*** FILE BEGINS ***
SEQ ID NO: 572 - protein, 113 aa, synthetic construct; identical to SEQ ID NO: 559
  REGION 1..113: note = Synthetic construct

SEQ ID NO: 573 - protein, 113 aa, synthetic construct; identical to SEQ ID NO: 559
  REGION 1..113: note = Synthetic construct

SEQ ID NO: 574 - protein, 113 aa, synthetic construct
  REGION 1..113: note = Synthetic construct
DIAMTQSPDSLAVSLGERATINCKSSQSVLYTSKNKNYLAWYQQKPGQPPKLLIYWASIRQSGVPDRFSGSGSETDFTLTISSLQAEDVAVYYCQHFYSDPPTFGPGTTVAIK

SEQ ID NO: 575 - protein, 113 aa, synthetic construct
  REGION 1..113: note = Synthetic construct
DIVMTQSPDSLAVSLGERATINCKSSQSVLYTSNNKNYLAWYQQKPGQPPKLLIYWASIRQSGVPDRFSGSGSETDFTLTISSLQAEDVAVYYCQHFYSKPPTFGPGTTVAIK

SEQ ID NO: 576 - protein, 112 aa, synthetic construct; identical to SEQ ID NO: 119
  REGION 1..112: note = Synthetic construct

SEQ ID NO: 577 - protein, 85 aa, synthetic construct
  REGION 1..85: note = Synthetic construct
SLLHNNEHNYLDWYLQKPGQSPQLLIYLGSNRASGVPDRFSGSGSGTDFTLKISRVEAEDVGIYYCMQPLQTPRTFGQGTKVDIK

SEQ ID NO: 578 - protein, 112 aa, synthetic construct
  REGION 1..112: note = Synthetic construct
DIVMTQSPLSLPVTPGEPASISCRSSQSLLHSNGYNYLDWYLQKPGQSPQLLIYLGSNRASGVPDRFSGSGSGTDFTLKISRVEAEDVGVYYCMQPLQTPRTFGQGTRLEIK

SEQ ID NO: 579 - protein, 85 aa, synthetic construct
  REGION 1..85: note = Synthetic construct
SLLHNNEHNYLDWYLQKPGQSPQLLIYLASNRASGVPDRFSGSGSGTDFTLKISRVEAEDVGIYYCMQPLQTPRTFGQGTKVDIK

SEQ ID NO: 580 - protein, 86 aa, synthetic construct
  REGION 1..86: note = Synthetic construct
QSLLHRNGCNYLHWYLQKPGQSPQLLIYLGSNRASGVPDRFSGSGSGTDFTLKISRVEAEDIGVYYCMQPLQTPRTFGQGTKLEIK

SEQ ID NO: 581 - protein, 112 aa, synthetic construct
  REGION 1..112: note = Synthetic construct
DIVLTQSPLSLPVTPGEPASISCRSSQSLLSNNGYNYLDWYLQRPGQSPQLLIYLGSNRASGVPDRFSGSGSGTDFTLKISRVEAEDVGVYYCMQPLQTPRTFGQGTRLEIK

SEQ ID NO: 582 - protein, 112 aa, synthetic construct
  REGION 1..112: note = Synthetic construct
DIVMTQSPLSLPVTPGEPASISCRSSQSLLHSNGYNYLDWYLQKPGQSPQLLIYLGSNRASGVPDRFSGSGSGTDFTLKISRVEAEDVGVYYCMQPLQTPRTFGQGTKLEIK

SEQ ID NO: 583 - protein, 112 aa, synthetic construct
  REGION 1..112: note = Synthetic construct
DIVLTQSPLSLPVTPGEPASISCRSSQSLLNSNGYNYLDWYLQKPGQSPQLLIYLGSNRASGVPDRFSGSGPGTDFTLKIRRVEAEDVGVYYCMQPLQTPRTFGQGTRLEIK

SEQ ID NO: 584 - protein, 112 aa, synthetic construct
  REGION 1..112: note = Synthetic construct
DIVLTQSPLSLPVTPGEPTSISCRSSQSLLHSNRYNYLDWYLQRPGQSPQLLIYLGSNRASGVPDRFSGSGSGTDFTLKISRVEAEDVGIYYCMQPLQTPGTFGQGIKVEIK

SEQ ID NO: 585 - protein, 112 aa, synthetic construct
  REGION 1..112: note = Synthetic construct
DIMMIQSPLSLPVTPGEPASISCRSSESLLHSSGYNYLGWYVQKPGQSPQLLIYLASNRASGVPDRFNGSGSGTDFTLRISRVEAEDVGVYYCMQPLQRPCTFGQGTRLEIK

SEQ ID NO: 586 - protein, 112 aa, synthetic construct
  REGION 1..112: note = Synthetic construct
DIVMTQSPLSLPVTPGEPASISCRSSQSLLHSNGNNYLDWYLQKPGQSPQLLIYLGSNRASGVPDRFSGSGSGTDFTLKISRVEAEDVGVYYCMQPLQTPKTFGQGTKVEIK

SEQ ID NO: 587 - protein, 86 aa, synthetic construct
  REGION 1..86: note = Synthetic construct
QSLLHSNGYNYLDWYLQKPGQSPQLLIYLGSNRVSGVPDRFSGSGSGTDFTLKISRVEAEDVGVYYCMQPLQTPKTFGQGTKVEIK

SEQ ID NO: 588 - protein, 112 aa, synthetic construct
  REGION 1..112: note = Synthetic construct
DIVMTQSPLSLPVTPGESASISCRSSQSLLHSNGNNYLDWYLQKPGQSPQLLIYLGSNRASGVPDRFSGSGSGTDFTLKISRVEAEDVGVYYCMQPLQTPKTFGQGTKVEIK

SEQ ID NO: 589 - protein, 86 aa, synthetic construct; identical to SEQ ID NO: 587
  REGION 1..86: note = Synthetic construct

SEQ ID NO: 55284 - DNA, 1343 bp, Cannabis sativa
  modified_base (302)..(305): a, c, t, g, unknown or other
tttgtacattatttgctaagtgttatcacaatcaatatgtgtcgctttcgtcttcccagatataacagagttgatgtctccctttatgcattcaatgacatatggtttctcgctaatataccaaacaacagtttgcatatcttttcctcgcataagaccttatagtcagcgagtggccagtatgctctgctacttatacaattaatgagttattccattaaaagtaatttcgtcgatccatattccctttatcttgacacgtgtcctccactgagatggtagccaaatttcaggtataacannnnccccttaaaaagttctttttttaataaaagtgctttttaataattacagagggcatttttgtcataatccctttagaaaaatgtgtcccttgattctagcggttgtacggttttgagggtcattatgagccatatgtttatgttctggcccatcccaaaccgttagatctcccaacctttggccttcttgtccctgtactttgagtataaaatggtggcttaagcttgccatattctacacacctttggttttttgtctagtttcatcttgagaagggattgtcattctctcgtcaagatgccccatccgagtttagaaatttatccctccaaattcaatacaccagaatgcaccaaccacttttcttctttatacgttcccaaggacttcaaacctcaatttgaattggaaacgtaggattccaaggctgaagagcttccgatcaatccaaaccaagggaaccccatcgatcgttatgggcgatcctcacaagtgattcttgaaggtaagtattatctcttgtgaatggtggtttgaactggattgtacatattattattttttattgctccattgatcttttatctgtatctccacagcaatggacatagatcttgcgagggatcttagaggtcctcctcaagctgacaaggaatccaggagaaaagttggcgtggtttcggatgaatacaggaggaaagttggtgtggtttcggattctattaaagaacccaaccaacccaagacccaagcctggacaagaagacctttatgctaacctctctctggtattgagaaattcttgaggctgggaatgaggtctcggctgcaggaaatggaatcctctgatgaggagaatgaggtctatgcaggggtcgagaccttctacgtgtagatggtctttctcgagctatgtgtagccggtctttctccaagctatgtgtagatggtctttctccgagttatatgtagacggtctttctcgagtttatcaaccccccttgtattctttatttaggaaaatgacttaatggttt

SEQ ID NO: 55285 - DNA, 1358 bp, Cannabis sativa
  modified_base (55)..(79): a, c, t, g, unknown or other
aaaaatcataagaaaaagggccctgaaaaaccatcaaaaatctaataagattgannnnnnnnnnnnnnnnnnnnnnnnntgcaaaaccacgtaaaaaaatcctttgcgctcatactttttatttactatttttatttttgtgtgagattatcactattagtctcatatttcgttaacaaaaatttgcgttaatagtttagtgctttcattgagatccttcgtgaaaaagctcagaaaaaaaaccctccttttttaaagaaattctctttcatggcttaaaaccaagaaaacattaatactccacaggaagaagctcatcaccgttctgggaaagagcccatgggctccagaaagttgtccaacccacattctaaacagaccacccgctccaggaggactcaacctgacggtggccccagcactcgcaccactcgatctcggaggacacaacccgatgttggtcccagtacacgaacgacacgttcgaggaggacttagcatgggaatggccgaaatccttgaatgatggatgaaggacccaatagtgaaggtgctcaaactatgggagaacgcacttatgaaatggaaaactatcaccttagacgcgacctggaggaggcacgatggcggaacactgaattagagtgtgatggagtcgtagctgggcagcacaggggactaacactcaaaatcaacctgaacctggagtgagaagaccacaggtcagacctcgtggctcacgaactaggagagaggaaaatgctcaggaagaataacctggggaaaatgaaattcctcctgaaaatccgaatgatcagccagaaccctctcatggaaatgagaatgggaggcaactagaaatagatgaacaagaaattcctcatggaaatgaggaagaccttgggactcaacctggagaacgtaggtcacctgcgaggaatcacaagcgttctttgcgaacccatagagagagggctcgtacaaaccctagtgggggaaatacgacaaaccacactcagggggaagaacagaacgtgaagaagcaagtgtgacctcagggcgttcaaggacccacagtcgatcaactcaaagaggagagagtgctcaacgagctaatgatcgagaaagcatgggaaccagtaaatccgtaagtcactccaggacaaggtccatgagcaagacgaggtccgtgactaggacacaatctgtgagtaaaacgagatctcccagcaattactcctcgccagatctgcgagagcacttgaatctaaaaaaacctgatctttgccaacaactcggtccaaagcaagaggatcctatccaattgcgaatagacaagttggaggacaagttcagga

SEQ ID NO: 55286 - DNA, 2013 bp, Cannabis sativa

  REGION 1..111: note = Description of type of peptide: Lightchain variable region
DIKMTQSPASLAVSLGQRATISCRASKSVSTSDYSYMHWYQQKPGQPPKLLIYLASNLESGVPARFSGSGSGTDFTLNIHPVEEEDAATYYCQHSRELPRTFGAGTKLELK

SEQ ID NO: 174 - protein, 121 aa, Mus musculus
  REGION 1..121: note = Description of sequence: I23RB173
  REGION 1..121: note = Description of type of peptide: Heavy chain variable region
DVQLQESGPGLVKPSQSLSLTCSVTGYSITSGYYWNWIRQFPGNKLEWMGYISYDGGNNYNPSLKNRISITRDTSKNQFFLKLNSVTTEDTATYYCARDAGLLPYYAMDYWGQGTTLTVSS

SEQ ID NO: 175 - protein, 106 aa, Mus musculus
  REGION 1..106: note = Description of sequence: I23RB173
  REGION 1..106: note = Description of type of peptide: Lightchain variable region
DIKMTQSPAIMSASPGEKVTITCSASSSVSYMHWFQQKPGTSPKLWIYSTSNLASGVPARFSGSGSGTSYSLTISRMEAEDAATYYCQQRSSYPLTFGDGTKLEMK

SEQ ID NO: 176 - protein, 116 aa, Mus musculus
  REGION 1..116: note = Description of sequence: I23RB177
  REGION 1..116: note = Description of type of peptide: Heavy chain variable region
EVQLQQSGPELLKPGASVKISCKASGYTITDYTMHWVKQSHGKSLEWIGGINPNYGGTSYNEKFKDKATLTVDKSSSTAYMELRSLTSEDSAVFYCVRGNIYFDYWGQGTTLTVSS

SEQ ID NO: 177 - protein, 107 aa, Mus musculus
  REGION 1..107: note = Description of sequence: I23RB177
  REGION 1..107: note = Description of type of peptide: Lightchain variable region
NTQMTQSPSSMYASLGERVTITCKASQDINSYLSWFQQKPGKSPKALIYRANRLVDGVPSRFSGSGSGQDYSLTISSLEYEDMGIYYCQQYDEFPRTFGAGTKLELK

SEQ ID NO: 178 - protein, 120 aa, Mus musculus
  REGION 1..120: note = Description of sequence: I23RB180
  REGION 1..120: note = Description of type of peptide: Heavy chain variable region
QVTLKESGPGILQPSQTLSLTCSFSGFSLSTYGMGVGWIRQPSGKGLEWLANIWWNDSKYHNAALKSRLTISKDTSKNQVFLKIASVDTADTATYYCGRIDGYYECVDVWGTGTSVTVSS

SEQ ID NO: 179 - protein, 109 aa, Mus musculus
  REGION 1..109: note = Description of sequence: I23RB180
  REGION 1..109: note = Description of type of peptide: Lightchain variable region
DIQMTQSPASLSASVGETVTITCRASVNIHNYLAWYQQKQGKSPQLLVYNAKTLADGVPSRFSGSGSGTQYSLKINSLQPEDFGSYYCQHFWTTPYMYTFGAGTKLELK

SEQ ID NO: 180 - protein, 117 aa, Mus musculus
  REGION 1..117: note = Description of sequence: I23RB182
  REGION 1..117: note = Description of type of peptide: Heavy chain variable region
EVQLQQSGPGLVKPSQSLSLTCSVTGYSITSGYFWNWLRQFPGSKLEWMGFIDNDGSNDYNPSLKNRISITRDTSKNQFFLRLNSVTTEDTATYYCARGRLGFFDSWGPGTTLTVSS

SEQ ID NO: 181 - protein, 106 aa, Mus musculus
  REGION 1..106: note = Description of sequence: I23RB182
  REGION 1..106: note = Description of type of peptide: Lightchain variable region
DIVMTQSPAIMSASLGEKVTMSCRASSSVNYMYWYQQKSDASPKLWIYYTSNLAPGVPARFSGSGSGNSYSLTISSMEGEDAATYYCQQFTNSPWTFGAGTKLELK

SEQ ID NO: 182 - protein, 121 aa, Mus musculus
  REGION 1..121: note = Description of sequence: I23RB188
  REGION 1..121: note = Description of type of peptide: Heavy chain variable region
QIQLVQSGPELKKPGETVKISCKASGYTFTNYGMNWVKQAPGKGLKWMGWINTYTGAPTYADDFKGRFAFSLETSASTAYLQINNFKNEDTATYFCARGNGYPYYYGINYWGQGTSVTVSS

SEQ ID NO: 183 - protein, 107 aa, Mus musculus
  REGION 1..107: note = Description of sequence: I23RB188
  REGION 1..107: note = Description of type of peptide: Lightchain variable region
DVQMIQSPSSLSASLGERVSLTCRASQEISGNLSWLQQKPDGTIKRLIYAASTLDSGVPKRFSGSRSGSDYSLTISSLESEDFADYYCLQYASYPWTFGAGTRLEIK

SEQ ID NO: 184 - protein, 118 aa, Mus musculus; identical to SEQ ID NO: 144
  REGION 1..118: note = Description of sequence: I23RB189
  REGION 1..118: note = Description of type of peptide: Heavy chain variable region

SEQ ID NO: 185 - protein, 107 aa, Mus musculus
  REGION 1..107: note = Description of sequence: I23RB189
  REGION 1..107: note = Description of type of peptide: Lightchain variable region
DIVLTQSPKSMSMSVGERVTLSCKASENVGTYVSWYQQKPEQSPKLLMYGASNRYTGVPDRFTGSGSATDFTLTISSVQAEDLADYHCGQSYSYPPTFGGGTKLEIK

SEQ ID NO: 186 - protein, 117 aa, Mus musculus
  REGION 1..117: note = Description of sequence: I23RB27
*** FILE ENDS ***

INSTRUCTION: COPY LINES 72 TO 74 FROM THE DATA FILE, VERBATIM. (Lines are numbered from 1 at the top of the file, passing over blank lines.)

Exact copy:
SEQ ID NO: 177 - protein, 107 aa, Mus musculus
  REGION 1..107: note = Description of sequence: I23RB177
  REGION 1..107: note = Description of type of peptide: Lightchain variable region